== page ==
Solveig Slettahjell Poetisk Tale
Review by Tyran Grillo
After making a name for herself on the Norwegian jazz circuit, collaborating with such well-knowns as Tord Gustavsen, Nils Økland, and Jon Balke, singer Solveig Slettahjell returns with her most intimate project to date. For Poetisk Tale, she is joined by the Vertavo String Quartet, guitarist Eivind Aarset, percussionist Helge Norbakken, and keyboardist-arranger Kjetil Bjerkestrand, singing Øivind Varkøy's settings of contemporary poetry by Gunvor Hofmo, Jon Fosse, Arnfinn Haram, and Arnold Eidslott. Varkøy's binding agent is his addition of a tenth spiritual gift of “poetic speech” (Poetisk Tale) to the nine listed by Paul in his first letter to the Corinthians. The combination of these multiple facets yields something that feels like a memory even as it explores fresh connections between spiritual and creative living. Although the CD booklet contains no English translations (curious, given that Paul's ninth spiritual gift is “the interpretation of tongues”), Slettahjell sings from the heart, as if writing each melody spontaneously. That said, these songs are so meticulously constructed, performed, and produced that one is inclined to forgive the veil of obscurity.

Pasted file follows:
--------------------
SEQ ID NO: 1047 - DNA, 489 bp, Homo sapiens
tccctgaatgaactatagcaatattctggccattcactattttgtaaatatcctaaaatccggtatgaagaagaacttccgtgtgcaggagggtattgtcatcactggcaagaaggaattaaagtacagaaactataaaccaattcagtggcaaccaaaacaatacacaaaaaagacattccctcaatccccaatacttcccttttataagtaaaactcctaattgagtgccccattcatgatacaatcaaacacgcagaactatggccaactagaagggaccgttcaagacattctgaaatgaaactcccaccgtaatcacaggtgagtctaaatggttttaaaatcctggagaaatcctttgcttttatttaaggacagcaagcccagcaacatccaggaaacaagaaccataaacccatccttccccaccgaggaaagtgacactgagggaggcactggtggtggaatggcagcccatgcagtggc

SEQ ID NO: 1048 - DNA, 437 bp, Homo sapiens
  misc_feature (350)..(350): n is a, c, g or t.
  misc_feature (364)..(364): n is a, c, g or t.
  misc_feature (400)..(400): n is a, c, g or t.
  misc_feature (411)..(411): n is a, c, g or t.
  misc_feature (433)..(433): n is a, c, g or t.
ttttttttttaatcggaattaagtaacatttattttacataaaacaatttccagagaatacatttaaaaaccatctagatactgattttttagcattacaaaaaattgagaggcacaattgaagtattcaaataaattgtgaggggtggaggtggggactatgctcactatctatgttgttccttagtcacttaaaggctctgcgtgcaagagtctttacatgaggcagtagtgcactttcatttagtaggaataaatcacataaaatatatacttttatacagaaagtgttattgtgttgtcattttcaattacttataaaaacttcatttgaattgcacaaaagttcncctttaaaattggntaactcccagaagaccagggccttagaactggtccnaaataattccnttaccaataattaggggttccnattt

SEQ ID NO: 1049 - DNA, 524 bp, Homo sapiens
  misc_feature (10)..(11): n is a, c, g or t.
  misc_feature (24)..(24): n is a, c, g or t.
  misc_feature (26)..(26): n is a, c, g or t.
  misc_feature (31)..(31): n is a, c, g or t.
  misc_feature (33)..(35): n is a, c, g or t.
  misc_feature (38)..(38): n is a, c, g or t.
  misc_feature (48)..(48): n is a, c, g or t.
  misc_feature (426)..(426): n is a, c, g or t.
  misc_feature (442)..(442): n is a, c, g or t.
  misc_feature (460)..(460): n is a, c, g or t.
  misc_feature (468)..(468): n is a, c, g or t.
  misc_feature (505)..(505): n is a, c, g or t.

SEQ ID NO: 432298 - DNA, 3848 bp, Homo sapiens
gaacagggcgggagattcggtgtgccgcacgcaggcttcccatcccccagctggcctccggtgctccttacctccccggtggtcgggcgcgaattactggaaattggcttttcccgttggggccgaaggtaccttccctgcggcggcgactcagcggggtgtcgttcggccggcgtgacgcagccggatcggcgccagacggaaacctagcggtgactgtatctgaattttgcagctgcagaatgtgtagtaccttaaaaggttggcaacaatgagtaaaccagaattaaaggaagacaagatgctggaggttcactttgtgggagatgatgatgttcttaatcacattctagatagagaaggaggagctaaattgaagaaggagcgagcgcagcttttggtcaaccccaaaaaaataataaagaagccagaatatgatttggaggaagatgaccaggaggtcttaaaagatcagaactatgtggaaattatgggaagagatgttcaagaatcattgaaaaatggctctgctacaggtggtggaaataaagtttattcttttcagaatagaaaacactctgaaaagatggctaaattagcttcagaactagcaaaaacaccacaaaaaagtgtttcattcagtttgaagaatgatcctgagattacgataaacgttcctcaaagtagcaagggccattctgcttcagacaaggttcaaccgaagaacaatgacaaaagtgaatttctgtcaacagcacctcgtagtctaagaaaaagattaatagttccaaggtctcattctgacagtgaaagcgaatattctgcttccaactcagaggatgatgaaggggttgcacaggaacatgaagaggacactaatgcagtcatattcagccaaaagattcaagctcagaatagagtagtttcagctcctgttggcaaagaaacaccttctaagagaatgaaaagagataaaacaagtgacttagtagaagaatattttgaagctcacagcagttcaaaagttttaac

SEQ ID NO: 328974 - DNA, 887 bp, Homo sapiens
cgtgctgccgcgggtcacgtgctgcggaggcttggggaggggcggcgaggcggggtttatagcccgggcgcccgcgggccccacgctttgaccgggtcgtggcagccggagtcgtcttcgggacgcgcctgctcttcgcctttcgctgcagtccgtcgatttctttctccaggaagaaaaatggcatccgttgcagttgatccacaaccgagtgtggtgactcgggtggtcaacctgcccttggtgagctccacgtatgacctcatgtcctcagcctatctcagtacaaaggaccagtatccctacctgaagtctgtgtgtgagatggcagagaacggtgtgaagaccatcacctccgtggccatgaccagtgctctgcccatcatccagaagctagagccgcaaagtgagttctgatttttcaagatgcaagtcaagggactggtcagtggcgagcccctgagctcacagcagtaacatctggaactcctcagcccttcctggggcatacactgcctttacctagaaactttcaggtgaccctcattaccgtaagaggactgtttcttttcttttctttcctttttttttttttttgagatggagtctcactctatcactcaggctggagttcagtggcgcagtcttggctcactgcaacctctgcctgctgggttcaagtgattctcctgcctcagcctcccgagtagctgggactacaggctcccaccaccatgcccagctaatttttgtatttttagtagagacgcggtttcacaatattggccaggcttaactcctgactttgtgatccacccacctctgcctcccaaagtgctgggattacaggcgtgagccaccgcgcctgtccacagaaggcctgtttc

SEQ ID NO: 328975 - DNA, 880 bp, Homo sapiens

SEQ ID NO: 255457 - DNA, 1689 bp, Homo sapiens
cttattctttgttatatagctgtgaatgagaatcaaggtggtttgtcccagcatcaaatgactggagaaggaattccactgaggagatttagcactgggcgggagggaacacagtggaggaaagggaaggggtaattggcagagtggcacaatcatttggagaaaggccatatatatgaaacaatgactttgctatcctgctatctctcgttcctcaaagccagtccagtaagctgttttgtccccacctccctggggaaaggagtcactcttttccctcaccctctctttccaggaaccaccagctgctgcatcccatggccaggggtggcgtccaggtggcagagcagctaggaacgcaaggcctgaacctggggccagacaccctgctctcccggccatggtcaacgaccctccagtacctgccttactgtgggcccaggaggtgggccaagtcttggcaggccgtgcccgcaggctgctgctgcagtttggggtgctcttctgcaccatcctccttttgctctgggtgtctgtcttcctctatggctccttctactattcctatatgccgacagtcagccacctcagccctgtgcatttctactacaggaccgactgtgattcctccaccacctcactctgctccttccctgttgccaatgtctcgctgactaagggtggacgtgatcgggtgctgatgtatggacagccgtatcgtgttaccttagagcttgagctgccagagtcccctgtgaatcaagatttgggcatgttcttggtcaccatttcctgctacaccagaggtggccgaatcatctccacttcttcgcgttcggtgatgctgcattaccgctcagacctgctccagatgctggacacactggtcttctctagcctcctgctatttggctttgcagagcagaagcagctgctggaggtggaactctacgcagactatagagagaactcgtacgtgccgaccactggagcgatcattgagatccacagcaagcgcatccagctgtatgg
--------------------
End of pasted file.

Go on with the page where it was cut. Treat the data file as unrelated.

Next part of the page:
"Jeg kjenner ingen ord mer" (excerpt)
Considering its conceptual backbone, it's no wonder the album's most foundational songs regard the relationship between speech and song. Poetry has always toed this very line, and its imbrications are clear in “Ord i en våkenatt” (Words in a wet night), which opens with Slettahjell's gorgeous voice floating on an ocean of strings and fluid stretches of processed guitar. Here the power of melodic truth to move a listener beyond the cage of language is most apparent. The same holds true for “Jeg kjenner ingen ord mer” (I know no words anymore), in which Slettahjell seemingly channels k.d. lang through the robust tenderness of her delivery.
"Gud gjemmer" (excerpt)
Even as we ponder the surface of this music, “Gud gjemmer” (God hides) and “David i hulen” (David in the cave) remind us of what lies beneath. The former is a dramatic song centered around Norbakken's brilliant percussion, while the latter is a concerted exercise in depth. As Slettahjell navigates its terrains with the grace of a dancer in moonlight, she implies a larger cosmic body indescribable by any language of the flesh.
Titles such as “Hymne” and “Nattsalme” (Night psalm) keep us grounded in this project's religious roots, even as they render in finer strokes images of secular concern. This balance is most apparent in “Noko anna” (Something else), a subtle drama of drums and florid chord changes that is equal parts earth and heaven. In this respect, Poetisk Tale effectively conveys the tension between sin and holiness, which throughout hints at a storm that never blows our way, yet continues to press its fingers into the clay of our thinking long after the final track evaporates. - Tyran Grillo
that is there all the time Different
And yet the same I beg you
Take back our silences
And make them
like shimmering colours
in their darkness
like a biblical admonition
into a sacrifice, a salvation, an extended grace
as all grace, useless
Poem: Jon Fosse
English translation: Andreas Fliflet